Toxoplasma parasite causes a distinctive lesion in the retina

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One-third of the world population is infected with Toxoplasma, which causes a common eye infection called ocular toxoplasmosis.

Researchers have shed new light on how an infection with the parasite causes a distinctive lesion in the retina.

An international research team, from Flinders University in South Australia and University of São Paulo in Brazil, have identified proteins produced from infected retinal cells that push neighboring uninfected retinal cells to overgrow and create a distinctive lesion that doctors can use to diagnose the infection.

This study, published today in Microorganisms, is the first to use laboratory methods to understand how Toxoplasma infection leads to a characteristic eye lesion, after researchers monitored the process at a Brazilian eye clinic serving a region of 1.7 million people.

Flinders Strategic Professor in Eye & Vision Health and Superstar of STEM Justine Smith says the research demonstrates how retinal cells respond to an infection with Toxoplasma, and shows that the cell response may help parasites spread through the retina.

“In one of the largest groups of people with ocular toxoplasmosis studied to date, we see that infection causes a typical lesion in over 90 percent of infected eyes,” says Professor Smith.

How nasty Toxoplasma parasite damages the human eye
Ocular toxoplasmosis in the group of 263 human subjects, who presented consecutively over a 28 month period to Ribeirão Preto General Hospital, Brazil. Credit: Flinders University, Professor Justine Smith. University of Sao Paulo, Dr Joao M. Furtado

“Our findings show that T. gondii-infected human retinal pigment cells secrete VEGF and IGF1, and reduce production of TSP1, which promotes the proliferation of uninfected cells and renders those cells more susceptible to infection as a result.”

Dr. Joao Furtado, co-investigator from University of São Paulo and the International Agency for Prevention of Blindness, speculates that manipulating proteins within the eye might have therapeutic applications to limit the severity of the disease.

“There is no cure for toxoplasmosis, which is most often foodborne.

The World Health Organisation recommends food safety measures that include hand-washing, use of clean water in food preparation, and proper cooking,” advises Dr. Furtado.


Ocular toxoplasmosis is the most common cause of posterior uveitis in many countries, occurring subsequently after systemic infection with an obligate, intracellular, protozoan parasite, Toxoplasma gondii (T. gondii) [1].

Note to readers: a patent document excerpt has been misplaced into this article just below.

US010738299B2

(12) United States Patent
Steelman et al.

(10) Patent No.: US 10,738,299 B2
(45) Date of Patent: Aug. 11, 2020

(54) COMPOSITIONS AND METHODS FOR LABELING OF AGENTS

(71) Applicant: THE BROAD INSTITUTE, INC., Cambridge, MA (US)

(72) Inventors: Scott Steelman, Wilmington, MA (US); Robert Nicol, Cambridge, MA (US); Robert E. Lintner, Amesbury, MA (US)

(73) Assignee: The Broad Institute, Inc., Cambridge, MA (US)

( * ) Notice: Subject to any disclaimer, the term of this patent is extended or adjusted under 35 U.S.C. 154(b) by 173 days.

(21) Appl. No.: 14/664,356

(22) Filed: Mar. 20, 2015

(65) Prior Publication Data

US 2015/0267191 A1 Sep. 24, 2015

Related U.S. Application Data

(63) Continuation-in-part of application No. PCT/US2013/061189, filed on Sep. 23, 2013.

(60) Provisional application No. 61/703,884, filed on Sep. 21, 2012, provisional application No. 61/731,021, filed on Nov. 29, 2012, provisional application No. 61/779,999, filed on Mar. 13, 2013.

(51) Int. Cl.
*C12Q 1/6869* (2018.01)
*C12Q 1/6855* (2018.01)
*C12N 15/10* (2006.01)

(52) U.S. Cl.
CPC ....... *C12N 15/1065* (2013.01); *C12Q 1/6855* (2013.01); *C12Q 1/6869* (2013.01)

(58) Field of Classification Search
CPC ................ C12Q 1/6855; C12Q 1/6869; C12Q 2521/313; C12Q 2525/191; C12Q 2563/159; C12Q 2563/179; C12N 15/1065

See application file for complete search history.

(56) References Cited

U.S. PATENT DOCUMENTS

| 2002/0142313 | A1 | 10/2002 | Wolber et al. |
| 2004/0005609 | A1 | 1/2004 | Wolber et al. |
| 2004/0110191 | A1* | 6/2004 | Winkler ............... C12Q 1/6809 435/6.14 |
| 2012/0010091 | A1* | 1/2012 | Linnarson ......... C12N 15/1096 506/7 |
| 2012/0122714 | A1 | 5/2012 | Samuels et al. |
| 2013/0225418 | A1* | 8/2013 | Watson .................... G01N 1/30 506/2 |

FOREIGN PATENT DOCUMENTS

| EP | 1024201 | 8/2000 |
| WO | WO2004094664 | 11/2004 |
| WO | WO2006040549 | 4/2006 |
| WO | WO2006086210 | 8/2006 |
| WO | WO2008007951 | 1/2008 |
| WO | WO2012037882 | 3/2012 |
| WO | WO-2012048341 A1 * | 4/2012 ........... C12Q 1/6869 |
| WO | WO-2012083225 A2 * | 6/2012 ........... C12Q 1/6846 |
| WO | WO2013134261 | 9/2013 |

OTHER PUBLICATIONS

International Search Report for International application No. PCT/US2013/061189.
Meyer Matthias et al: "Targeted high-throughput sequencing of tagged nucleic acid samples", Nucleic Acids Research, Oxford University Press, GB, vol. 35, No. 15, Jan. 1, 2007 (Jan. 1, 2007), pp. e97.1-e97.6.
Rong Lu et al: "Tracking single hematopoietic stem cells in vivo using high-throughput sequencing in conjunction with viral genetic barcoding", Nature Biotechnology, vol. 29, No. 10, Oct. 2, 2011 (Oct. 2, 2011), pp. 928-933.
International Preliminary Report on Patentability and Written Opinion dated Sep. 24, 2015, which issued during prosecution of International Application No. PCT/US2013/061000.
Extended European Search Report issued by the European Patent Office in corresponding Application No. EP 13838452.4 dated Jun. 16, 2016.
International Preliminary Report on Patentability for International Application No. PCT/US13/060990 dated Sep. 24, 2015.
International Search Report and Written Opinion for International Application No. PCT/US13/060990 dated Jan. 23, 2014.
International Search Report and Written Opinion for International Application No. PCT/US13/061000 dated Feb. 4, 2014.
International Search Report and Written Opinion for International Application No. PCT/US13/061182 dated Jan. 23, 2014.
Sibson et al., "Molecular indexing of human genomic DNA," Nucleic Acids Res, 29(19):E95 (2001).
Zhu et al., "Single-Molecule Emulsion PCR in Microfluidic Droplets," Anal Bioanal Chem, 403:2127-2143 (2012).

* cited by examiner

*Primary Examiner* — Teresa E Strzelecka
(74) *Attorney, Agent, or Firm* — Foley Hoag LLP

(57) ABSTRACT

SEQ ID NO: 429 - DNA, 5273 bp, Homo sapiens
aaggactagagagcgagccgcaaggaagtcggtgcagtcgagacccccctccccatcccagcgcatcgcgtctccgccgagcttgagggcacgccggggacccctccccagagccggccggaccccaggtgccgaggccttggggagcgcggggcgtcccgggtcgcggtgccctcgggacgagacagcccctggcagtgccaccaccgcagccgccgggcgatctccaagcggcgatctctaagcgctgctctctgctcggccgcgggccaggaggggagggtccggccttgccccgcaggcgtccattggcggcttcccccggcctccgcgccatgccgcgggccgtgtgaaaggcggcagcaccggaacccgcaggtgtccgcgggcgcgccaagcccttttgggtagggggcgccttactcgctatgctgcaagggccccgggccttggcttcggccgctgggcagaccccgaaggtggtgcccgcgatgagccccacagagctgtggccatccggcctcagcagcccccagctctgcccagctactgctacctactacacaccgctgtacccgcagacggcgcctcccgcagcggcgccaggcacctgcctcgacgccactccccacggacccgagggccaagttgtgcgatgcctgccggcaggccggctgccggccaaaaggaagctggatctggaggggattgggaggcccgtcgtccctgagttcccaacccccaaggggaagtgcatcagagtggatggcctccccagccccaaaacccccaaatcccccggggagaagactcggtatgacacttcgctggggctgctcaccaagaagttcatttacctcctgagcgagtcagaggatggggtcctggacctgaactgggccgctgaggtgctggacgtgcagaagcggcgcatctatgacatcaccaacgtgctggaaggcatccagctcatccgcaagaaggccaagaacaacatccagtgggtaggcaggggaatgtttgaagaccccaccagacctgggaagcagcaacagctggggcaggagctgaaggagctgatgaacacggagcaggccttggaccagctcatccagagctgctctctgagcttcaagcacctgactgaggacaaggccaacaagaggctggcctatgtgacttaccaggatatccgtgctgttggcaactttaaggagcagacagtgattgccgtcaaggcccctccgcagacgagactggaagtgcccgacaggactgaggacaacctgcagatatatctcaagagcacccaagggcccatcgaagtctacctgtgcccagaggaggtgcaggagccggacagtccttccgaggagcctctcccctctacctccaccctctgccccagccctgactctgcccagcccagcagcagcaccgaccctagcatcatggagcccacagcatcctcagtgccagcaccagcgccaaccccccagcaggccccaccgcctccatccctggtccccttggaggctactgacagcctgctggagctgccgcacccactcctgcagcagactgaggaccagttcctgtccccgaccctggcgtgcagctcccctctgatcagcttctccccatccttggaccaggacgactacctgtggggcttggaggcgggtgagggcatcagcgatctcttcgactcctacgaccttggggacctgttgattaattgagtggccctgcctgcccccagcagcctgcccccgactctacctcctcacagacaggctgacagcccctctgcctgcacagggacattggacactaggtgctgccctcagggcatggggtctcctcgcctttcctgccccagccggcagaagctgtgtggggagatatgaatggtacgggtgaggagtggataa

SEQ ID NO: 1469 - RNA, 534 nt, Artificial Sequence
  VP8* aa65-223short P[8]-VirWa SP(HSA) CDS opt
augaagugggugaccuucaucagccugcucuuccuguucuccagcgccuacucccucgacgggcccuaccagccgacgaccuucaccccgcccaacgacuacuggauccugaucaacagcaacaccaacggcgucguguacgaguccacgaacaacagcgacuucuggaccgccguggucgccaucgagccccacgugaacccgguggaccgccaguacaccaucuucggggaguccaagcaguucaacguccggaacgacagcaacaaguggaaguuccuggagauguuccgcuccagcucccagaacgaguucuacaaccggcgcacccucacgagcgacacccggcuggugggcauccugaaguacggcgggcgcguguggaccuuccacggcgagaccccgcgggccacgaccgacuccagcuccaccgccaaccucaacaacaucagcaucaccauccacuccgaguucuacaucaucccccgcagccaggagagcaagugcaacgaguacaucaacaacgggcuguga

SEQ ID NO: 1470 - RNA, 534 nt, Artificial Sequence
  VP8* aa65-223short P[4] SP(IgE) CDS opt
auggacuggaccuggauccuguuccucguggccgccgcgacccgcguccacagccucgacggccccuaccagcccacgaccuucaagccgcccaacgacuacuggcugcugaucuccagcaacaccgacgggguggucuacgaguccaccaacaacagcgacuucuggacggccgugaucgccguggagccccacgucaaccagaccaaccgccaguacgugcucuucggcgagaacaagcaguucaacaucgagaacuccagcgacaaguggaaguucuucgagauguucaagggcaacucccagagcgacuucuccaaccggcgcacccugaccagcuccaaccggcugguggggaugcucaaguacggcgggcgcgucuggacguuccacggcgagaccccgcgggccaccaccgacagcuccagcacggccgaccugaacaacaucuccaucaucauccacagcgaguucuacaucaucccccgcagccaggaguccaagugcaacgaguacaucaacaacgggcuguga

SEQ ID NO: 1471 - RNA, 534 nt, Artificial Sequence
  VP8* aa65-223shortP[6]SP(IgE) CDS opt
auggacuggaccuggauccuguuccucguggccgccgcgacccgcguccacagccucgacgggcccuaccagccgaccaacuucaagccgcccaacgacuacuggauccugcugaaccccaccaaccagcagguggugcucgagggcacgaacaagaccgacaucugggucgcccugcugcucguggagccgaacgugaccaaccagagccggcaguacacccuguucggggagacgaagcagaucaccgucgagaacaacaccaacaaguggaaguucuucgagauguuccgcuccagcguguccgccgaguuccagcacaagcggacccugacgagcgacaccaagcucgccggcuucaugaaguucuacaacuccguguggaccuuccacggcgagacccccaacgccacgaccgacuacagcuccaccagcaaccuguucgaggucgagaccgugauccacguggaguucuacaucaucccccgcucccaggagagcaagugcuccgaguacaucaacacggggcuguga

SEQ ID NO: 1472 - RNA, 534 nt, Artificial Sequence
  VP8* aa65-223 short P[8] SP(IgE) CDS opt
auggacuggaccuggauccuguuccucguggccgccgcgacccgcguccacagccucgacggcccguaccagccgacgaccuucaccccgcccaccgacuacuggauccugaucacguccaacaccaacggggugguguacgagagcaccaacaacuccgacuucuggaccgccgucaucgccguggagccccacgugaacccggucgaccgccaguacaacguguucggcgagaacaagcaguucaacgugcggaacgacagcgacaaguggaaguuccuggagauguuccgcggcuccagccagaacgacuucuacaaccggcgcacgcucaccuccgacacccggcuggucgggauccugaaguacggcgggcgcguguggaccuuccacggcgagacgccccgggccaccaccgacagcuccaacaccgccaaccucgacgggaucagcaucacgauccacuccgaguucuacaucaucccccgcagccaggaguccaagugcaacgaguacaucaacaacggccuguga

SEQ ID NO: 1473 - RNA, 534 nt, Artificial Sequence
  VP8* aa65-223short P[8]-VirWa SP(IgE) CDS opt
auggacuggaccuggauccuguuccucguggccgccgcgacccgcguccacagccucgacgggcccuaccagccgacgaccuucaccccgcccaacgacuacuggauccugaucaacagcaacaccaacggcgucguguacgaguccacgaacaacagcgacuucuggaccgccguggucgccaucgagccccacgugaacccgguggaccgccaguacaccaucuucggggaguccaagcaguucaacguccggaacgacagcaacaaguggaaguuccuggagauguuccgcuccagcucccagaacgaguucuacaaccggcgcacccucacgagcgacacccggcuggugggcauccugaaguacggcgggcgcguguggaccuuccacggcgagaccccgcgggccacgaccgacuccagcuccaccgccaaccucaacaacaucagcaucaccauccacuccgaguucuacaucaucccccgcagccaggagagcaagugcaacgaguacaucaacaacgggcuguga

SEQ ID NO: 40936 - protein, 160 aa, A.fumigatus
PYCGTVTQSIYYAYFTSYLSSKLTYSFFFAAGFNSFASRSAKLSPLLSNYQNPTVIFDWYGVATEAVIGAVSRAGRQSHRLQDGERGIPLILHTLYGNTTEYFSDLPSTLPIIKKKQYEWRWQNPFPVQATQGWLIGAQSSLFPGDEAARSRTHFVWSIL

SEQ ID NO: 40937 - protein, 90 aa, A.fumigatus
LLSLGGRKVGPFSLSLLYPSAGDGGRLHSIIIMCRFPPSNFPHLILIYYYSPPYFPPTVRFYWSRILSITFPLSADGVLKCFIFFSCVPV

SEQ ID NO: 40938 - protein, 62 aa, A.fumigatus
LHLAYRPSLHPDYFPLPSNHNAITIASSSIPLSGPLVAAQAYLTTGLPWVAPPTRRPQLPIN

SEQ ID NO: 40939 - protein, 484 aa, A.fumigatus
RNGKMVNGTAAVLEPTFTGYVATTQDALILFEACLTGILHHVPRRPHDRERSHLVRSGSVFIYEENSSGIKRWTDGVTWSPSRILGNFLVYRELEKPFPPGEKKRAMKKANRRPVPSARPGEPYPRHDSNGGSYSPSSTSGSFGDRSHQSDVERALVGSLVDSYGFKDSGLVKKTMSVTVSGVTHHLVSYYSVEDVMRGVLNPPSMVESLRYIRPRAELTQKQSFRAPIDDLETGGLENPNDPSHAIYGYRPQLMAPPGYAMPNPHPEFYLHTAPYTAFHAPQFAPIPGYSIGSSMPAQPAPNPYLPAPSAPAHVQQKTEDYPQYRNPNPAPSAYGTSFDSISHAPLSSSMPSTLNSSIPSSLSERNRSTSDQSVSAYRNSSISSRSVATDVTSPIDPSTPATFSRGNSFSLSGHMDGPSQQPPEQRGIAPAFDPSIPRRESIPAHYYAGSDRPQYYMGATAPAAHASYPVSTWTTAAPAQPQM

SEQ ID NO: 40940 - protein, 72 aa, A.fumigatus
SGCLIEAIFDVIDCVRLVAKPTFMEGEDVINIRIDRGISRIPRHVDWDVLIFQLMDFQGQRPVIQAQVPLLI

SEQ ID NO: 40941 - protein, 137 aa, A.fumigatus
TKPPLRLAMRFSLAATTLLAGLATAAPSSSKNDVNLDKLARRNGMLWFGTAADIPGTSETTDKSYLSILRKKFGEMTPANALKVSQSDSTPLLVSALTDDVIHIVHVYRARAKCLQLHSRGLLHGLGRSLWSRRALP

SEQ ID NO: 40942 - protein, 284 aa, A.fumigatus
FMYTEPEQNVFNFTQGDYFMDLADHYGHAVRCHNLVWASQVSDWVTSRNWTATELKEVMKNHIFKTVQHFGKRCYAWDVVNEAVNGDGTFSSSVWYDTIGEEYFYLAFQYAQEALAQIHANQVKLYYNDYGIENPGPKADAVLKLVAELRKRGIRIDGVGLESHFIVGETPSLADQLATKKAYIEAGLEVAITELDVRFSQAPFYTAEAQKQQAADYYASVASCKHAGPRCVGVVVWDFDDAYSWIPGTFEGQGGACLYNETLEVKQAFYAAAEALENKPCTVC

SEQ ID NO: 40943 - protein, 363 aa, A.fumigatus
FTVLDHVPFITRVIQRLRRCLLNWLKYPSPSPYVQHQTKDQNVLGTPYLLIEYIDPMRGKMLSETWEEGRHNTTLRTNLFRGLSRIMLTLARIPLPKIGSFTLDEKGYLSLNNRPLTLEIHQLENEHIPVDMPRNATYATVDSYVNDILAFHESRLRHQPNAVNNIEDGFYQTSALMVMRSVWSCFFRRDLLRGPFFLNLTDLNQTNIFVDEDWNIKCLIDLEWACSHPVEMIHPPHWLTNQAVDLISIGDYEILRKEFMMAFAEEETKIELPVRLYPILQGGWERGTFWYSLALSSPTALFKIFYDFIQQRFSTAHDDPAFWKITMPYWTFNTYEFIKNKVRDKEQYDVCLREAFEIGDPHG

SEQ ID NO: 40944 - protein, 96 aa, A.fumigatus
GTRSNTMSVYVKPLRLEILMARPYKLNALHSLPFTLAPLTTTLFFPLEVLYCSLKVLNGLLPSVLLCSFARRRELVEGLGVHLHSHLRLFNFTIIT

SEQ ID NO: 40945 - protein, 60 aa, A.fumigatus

Members of the feline family are the organism’s definitive hosts while humans and hundreds of other species may serve as intermediate hosts. Transmission to humans occurs by three principal routes: ingestion of raw or inadequately cooked infected meat, ingestion of oocysts (the environmentally resistant form of the organism defecated by cats that is found in cat litter and soil), and via vertical transmission [2]. 

T. gondii has a high affinity for the retinal microvascular endothelium with the retina being the primary site of infection in the eye [1,3]. 

Primary toxoplasmic retinochoroiditis can be defined as creamy-white exudative focal retinochoroiditis not associated with pre-existing retinochoroidal scars in either eye [4]. Fundus lesions of ocular toxoplasmosis at presentation can be characterized as primary or recurrent and active or inactive. 

Chorioretinal lesions in Toxoplasma infection of the eye can occur either due to congenital or acquired infection [5]. 

Worldwide, the major victimized demographic in ocular toxoplasmosis continues to be congenitally infected fetuses and newborns, up to 95% of which may show retinochoroiditis that is mostly bilateral and recurrent [6,7]. Unilateral lesions are more common with acquired toxoplasmosis [8]. Lesions in immunocompetent individuals are less severe as compared to those in immunocompromised individuals [1]. 

Choroidal neovascular membrane (CNVM) is a late complication of ocular toxoplasmosis, mostly occurring in healed, inactive lesions and may be a cause of sudden loss of vision, especially in young patients [1,6,9]. Inflammatory CNVM in active toxoplasmic retinochoroiditis is a rare finding, having recently been reported by Hedge et al. However, factors in favour of an acquired or congenital aetiology of the ocular toxoplasmic lesions were not highlighted in the study [10]. 

We report the clinical presentation, diagnosis, and treatment of an immunocompetent adult with unilateral, primary, active toxoplasmic retinochoroiditis of an acquired aetiology that was complicated by early choroidal neovascularization. This case is from Pakistan, where no literature exists on ocular toxoplasmosis. 


More information: Shervi Lie et al. Molecular Basis of The Retinal Pigment Epithelial Changes That Characterize The Ocular Lesion in Toxoplasmosis, Microorganisms (2019). DOI: 10.3390/microorganisms7100405

Provided by Flinders University

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